I visited the Susan B. Anthony House. Before that, I didn’t know much about Susan B. Anthony and only knew that she was an American women’s rights activist. When I arrived at the House, the entrance is in the building next to the House. Two sweet women greeted me and guided me into the House. Their name were Sue and Wendy. The House seemed to be small from outside but when I stepped inside, the rooms are huge.
Most of Susan B. Anthony’s belongings are still in the same place and protected. There are old framed photographs of Anthony posing in the House and the rooms are still the same from the pictures and had barely changed. Sue carried an iPad with her and showed me life stories of Anthony as we walked through rooms.
Susan B. Anthony is known as a leading figure in the women’s suffrage, women’s rights and abolitionism (the movement to end slavery).
In 1820, Susan B. Anthony was denied to speak at a temperance convention and inspired to fight for women’s rights. Anthony and her family moved to Rochester NY from Massachusetts in 1845 and their farm became a meeting-place for against-slavery activists, including Frederick Douglass. I had no idea that Anthony and Douglass worked together and were friends! Imagine that, in 1845, Anthony was a white single woman and being friends with Douglass, a black married man who was also a former slave.
Anthony became an agent for American Anti-Slavery Society until The Civil War. When the war ends, she focused more on the women’s voting rights movement. She lectured and attended many conventions. She founded National Woman Suffrage Association with Elizabeth Stanton. They both worked together and established a weekly publication called The Revolution about women’s rights.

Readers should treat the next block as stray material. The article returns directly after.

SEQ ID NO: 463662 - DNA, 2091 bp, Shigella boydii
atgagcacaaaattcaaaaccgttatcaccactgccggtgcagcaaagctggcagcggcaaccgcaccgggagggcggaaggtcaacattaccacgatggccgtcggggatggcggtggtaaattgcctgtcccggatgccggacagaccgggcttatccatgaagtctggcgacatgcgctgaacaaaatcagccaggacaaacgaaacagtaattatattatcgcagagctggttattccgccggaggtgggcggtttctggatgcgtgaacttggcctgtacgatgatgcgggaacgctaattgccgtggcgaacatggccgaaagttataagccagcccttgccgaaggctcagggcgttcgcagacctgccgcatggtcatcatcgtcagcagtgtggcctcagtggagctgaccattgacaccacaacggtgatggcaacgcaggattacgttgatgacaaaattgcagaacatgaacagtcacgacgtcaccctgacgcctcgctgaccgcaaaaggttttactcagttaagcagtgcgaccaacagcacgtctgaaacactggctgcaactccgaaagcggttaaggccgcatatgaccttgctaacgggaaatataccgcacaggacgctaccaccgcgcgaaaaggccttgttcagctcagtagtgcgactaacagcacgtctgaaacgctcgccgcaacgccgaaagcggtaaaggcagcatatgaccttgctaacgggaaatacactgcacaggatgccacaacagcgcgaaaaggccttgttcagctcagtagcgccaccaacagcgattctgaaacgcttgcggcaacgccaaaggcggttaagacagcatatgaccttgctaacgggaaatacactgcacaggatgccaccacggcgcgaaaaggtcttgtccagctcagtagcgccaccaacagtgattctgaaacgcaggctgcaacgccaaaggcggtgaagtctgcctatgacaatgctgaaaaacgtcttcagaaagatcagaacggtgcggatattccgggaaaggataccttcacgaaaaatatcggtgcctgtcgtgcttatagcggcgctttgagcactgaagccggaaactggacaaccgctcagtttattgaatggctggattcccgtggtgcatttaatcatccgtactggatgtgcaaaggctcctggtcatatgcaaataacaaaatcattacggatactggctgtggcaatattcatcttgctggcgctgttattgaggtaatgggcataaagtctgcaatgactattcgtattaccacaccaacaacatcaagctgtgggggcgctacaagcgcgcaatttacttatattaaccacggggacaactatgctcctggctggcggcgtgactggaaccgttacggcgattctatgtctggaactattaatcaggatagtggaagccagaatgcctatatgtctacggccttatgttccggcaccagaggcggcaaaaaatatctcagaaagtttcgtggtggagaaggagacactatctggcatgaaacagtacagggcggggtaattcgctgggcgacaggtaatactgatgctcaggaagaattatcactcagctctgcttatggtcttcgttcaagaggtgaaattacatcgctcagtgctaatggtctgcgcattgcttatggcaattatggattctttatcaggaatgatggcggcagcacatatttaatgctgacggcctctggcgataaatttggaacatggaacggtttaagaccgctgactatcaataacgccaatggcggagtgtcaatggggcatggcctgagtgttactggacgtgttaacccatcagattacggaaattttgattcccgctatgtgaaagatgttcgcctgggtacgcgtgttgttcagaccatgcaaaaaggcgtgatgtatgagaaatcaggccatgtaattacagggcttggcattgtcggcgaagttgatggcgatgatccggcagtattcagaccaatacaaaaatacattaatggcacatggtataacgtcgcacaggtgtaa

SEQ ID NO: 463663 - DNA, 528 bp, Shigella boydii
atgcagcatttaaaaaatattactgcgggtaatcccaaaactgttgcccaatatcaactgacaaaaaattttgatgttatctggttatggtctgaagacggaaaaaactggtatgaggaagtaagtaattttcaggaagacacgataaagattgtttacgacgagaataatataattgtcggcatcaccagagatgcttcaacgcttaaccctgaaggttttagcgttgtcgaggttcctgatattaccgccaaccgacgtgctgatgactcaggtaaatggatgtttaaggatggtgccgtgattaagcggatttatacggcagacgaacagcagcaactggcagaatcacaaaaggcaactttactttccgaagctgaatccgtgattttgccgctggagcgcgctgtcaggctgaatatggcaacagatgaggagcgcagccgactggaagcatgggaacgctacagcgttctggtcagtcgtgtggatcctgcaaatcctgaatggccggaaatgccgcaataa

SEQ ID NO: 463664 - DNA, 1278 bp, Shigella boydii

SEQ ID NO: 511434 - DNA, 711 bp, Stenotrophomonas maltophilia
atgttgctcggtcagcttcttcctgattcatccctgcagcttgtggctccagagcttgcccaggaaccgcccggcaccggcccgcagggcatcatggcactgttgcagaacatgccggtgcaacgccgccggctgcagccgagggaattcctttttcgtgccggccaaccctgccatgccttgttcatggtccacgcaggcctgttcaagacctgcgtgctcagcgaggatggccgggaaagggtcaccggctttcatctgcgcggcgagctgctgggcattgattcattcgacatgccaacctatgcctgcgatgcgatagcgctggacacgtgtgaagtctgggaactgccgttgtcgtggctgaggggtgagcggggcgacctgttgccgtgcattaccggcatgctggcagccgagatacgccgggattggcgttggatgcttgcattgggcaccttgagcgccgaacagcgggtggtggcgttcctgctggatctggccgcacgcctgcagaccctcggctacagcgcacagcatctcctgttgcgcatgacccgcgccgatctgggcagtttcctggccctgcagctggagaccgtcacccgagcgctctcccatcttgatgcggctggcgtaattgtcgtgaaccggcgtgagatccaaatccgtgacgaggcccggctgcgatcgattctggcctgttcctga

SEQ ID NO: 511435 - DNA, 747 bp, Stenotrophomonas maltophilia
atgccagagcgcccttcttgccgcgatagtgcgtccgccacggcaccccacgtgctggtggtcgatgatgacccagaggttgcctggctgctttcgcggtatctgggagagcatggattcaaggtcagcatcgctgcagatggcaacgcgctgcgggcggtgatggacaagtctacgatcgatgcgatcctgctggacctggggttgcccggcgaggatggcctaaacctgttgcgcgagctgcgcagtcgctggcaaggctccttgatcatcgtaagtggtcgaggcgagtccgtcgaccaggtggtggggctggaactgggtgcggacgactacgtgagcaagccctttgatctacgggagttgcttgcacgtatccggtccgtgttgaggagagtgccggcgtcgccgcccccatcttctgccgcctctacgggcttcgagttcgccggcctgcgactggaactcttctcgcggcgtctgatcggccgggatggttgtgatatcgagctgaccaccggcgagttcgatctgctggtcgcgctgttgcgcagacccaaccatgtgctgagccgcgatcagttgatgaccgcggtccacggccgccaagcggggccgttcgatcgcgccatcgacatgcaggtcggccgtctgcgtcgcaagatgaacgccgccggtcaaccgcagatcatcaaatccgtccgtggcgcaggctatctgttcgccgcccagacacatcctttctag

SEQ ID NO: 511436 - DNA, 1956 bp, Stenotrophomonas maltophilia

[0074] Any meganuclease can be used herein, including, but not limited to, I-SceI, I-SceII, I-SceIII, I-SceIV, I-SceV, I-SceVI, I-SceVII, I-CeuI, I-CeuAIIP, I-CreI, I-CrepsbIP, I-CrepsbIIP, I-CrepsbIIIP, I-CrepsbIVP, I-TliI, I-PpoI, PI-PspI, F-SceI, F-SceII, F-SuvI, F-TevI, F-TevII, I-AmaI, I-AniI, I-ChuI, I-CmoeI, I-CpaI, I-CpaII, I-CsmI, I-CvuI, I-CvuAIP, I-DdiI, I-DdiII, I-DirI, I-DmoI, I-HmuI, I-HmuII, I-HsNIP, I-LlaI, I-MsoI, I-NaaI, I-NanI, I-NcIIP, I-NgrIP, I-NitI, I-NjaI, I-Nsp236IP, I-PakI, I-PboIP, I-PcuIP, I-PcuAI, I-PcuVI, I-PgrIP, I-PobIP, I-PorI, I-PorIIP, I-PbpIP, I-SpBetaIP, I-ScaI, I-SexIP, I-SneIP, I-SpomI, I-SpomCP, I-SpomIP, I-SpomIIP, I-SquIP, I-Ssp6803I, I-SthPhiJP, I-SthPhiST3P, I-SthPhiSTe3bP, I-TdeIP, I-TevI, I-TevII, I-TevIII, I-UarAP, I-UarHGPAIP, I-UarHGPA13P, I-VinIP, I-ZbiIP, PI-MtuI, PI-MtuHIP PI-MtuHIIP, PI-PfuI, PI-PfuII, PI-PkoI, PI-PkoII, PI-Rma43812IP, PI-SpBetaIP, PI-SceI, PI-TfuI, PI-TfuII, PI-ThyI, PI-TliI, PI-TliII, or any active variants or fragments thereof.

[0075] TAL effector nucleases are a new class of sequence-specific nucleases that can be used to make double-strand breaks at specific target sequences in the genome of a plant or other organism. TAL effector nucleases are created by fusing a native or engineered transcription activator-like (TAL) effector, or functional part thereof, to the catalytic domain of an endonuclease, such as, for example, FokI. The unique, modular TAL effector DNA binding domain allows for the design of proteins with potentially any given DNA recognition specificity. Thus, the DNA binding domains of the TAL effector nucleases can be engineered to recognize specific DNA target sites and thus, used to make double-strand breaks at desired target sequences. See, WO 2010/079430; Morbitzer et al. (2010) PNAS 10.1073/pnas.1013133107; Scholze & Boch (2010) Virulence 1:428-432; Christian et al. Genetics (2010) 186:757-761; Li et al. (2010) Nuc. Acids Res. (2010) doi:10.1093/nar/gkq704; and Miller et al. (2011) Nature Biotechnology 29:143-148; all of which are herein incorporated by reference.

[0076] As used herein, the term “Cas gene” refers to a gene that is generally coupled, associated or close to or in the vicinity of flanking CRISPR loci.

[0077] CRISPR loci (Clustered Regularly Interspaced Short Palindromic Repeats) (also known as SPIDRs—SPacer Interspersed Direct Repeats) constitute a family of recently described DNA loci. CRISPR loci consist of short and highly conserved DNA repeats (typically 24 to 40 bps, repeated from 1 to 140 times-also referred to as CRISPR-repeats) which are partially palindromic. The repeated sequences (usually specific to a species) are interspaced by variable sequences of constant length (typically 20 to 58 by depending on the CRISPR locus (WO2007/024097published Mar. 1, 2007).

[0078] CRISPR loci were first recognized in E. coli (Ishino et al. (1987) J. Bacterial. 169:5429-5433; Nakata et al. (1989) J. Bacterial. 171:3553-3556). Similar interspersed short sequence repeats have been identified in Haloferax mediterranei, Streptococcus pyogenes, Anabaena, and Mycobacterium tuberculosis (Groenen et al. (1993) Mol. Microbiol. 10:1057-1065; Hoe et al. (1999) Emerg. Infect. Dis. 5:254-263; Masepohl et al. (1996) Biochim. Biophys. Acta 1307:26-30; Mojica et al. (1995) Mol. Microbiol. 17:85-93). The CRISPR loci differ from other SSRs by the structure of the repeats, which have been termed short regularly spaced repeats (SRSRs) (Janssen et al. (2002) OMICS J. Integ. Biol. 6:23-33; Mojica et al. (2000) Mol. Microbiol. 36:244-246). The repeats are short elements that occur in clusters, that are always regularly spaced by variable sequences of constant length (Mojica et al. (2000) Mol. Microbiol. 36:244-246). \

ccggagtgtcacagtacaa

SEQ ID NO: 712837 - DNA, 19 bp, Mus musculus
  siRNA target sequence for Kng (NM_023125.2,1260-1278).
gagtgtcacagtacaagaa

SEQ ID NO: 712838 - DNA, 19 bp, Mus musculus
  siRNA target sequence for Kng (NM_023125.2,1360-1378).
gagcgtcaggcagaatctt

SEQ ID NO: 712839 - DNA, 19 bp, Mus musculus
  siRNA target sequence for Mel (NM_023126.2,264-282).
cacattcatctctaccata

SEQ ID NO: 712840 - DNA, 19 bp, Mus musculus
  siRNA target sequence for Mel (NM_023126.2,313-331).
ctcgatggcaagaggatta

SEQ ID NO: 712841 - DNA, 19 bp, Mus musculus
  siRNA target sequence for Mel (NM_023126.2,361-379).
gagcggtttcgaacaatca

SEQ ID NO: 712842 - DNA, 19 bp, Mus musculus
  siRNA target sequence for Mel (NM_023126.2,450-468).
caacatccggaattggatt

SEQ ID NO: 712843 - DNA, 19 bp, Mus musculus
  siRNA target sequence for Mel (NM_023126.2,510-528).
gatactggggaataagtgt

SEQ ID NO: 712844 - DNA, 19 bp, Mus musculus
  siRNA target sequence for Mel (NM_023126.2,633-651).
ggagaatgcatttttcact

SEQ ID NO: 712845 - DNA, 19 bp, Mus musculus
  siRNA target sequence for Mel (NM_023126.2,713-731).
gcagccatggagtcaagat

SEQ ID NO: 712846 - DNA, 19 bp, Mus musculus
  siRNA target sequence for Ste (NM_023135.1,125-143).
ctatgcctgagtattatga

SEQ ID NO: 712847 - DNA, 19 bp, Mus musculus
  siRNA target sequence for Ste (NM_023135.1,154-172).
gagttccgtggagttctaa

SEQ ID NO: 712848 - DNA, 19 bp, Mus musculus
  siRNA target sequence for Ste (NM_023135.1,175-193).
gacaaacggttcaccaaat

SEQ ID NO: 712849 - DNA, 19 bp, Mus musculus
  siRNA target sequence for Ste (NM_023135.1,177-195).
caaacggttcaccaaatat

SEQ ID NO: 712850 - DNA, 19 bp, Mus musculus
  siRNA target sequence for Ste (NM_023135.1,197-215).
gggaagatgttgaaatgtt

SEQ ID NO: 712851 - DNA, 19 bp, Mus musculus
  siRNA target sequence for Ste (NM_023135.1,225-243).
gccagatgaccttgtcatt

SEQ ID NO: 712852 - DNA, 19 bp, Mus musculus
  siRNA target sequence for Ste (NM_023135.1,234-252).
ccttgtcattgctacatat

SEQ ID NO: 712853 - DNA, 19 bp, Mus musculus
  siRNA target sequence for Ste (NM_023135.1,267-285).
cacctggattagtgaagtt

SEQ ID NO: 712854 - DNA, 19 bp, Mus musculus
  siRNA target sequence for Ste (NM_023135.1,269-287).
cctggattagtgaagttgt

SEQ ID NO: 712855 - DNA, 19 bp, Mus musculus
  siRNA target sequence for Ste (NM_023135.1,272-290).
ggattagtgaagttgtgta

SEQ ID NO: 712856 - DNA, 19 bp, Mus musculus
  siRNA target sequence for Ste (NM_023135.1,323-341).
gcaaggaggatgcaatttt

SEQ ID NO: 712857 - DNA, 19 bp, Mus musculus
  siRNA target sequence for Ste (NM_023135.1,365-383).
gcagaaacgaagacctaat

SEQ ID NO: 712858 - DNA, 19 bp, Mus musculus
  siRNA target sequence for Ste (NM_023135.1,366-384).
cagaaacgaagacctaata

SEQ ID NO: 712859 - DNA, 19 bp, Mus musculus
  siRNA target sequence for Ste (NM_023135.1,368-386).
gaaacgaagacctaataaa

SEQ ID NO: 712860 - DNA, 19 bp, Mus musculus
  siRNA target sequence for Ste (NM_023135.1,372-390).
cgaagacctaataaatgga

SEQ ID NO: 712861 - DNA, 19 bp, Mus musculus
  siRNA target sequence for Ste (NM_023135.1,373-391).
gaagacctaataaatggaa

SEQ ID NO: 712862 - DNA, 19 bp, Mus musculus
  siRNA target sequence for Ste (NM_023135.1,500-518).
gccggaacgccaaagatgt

She got arrested in 1872 for voting the presidential election illegally and was charged $100 but she refused to pay. She never gave up on her fight for women’s suffrage and died in 1906 at the age of 86.
14 years later after Anthony’s death, the 19th Amendment to the U.S. Constitution was passed and granted women’s right to vote.
During the tour in the House, I got goosebumps and inspired with what Susan B. Anthony had done. I could hardly believe I was walking around in the very same house where Anthony lived and worked on her activities. And where Frederick Douglass had visited her. There even was a picture of Susan B. Anthony and Frederick Douglass in the back parlor room to show their great friendship. Anthony’s furnitures and belongings are placed behind a rope across the room. Some of items, such as clothes and purses, are protected behind the glasses. It was an amazing and inspiring experience.